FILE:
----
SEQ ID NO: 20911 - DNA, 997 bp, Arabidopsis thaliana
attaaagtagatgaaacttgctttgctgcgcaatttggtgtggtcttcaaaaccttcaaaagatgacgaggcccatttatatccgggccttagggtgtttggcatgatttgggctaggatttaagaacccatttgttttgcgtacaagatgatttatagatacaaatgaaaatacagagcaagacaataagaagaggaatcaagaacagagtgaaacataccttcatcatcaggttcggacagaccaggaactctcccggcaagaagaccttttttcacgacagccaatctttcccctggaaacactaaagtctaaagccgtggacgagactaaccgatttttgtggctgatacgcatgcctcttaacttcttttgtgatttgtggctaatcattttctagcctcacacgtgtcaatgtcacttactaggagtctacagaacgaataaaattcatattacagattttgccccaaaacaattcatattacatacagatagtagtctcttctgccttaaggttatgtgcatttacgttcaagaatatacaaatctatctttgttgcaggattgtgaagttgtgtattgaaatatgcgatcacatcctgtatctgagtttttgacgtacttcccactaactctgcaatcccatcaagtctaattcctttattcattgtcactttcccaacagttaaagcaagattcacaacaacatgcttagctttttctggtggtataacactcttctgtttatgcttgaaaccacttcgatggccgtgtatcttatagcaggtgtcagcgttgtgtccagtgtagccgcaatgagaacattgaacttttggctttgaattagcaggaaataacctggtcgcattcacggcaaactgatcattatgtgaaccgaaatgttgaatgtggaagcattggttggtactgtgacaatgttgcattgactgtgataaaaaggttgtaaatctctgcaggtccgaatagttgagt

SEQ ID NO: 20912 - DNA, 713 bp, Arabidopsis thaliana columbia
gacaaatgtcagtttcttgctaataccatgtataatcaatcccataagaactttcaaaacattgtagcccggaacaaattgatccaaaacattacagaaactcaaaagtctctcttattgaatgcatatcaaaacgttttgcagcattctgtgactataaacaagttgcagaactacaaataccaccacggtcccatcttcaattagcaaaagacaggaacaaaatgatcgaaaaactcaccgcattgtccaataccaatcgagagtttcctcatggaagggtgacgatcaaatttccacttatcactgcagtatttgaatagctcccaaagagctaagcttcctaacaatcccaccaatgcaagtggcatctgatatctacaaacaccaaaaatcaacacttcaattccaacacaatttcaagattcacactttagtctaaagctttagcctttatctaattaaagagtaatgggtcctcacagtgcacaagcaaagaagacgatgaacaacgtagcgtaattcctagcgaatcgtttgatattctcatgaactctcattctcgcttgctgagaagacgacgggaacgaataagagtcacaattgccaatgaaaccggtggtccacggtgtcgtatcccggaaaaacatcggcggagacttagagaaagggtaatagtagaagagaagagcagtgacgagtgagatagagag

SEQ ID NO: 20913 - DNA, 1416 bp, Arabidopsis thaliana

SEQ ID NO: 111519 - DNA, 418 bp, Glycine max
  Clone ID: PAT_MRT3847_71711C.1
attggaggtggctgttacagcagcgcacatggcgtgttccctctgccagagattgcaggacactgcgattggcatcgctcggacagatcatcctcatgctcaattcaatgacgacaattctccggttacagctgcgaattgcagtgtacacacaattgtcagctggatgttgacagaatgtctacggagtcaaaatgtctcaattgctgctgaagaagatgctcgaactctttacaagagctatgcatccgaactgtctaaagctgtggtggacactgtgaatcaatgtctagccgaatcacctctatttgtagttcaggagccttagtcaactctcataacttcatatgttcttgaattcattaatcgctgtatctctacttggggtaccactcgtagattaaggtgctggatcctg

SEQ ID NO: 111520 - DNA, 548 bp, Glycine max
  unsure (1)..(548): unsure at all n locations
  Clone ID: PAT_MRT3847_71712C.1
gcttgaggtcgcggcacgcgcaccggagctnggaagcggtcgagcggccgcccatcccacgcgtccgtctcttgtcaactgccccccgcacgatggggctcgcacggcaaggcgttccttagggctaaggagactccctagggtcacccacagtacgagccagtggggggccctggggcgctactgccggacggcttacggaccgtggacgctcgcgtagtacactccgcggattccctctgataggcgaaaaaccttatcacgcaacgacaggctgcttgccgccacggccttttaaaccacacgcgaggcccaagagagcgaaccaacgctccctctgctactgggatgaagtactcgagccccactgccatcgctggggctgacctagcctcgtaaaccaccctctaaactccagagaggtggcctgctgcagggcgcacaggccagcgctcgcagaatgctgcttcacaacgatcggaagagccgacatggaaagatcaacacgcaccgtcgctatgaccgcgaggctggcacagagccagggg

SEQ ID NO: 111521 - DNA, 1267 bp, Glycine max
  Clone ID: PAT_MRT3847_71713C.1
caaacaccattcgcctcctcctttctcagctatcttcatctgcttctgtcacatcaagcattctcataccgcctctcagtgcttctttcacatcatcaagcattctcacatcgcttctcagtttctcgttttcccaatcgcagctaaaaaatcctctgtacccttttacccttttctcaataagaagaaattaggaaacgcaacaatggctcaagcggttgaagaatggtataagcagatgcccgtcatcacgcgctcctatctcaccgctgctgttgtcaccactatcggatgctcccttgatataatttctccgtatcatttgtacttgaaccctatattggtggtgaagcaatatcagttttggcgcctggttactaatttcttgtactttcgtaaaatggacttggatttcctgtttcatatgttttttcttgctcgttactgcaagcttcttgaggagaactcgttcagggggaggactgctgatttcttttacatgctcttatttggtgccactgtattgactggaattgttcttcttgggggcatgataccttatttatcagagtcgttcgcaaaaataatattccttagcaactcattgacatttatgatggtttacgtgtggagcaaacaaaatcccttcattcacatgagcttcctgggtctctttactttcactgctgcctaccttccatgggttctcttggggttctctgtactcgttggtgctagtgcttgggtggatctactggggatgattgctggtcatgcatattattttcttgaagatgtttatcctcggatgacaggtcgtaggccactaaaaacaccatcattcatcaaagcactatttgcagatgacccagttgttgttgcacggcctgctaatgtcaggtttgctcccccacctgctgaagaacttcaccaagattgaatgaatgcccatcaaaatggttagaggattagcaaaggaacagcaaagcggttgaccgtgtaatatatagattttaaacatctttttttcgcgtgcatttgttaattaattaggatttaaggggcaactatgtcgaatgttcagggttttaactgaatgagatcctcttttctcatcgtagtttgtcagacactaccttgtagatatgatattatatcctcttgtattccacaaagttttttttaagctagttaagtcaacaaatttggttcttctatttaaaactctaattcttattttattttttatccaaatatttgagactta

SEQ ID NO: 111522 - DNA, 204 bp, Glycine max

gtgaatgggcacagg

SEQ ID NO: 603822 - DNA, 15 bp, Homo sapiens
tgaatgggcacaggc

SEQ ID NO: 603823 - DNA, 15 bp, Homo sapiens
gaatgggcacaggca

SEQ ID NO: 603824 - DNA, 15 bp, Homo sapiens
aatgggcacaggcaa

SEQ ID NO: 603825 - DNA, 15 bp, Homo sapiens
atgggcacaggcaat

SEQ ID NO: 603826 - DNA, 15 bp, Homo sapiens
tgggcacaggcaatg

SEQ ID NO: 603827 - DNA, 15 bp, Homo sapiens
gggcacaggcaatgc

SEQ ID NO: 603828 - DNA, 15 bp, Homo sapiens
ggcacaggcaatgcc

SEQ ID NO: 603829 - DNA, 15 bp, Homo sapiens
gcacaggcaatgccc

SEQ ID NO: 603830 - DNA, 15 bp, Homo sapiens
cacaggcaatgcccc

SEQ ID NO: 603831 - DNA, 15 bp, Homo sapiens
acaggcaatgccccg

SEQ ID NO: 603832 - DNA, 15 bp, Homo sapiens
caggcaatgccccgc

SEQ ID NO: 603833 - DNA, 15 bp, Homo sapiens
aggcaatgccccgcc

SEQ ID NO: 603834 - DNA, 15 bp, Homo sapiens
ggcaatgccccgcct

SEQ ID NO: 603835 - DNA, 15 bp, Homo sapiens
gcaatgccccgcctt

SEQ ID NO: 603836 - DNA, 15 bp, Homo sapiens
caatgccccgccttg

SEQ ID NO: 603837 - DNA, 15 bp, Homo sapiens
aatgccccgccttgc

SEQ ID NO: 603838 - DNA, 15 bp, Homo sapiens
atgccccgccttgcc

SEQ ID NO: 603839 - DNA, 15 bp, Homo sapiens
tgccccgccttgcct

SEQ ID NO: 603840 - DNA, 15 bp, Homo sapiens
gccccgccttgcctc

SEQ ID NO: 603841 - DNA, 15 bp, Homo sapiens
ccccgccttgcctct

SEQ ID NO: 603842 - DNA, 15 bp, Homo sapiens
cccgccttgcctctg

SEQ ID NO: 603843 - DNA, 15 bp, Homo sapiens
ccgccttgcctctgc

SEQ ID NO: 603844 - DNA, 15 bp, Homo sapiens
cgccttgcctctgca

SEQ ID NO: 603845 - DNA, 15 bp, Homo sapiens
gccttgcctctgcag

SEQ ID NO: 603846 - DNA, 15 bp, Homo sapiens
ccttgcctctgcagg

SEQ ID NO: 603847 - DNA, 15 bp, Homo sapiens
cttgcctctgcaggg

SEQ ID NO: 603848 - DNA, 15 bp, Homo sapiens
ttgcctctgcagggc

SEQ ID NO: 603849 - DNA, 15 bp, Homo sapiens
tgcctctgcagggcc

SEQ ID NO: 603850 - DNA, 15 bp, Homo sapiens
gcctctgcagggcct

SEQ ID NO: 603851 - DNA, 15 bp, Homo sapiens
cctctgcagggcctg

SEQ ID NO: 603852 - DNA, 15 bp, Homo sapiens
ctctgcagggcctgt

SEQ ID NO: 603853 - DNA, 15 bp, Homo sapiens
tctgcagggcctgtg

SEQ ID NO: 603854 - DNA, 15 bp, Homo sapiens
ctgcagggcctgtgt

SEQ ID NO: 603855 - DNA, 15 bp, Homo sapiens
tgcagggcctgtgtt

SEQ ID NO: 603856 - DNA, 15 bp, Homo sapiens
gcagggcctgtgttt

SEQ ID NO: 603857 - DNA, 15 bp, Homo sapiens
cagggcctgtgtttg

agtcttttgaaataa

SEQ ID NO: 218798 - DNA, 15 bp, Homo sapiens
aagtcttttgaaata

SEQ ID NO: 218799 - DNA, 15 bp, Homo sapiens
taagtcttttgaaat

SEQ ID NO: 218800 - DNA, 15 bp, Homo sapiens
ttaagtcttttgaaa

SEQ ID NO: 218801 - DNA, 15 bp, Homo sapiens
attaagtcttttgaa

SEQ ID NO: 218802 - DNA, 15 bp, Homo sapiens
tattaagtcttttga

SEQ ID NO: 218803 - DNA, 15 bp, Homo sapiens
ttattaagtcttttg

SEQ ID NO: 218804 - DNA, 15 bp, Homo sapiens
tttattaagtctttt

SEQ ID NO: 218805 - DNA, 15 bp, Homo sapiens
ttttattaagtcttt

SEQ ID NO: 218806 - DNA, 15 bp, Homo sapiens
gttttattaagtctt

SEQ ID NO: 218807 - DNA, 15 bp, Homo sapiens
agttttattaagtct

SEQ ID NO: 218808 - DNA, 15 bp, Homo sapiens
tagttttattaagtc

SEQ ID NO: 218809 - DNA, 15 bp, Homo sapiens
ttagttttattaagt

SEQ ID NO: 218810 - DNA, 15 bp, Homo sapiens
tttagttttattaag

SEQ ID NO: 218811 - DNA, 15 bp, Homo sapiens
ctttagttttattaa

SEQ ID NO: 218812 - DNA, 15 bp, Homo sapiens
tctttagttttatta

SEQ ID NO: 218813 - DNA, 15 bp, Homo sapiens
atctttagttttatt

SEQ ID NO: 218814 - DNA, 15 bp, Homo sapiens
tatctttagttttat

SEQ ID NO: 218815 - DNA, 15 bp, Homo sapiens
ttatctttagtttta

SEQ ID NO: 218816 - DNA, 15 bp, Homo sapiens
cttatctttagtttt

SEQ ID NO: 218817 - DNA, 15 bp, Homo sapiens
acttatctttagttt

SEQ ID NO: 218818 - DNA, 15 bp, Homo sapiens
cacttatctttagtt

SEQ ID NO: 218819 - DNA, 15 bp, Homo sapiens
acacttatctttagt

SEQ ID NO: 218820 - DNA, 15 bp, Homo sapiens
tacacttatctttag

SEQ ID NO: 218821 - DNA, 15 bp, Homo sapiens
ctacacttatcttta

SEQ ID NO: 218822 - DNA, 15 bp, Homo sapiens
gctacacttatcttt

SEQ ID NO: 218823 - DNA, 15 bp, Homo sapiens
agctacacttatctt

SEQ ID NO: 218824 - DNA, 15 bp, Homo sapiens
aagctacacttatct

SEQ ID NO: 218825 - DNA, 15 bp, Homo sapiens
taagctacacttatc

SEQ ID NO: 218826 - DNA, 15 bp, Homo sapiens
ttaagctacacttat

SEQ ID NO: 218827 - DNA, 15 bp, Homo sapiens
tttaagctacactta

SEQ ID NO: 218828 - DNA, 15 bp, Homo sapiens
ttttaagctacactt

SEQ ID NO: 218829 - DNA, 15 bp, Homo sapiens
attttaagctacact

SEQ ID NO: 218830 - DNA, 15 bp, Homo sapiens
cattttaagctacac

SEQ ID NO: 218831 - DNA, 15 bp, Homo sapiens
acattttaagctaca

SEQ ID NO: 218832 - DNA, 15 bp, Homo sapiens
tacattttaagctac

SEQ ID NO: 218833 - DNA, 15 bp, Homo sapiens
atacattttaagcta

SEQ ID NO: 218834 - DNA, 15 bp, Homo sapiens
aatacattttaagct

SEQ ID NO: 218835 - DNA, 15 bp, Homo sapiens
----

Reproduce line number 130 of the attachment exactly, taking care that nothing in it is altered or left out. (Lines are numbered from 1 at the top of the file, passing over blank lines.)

acttatctttagttt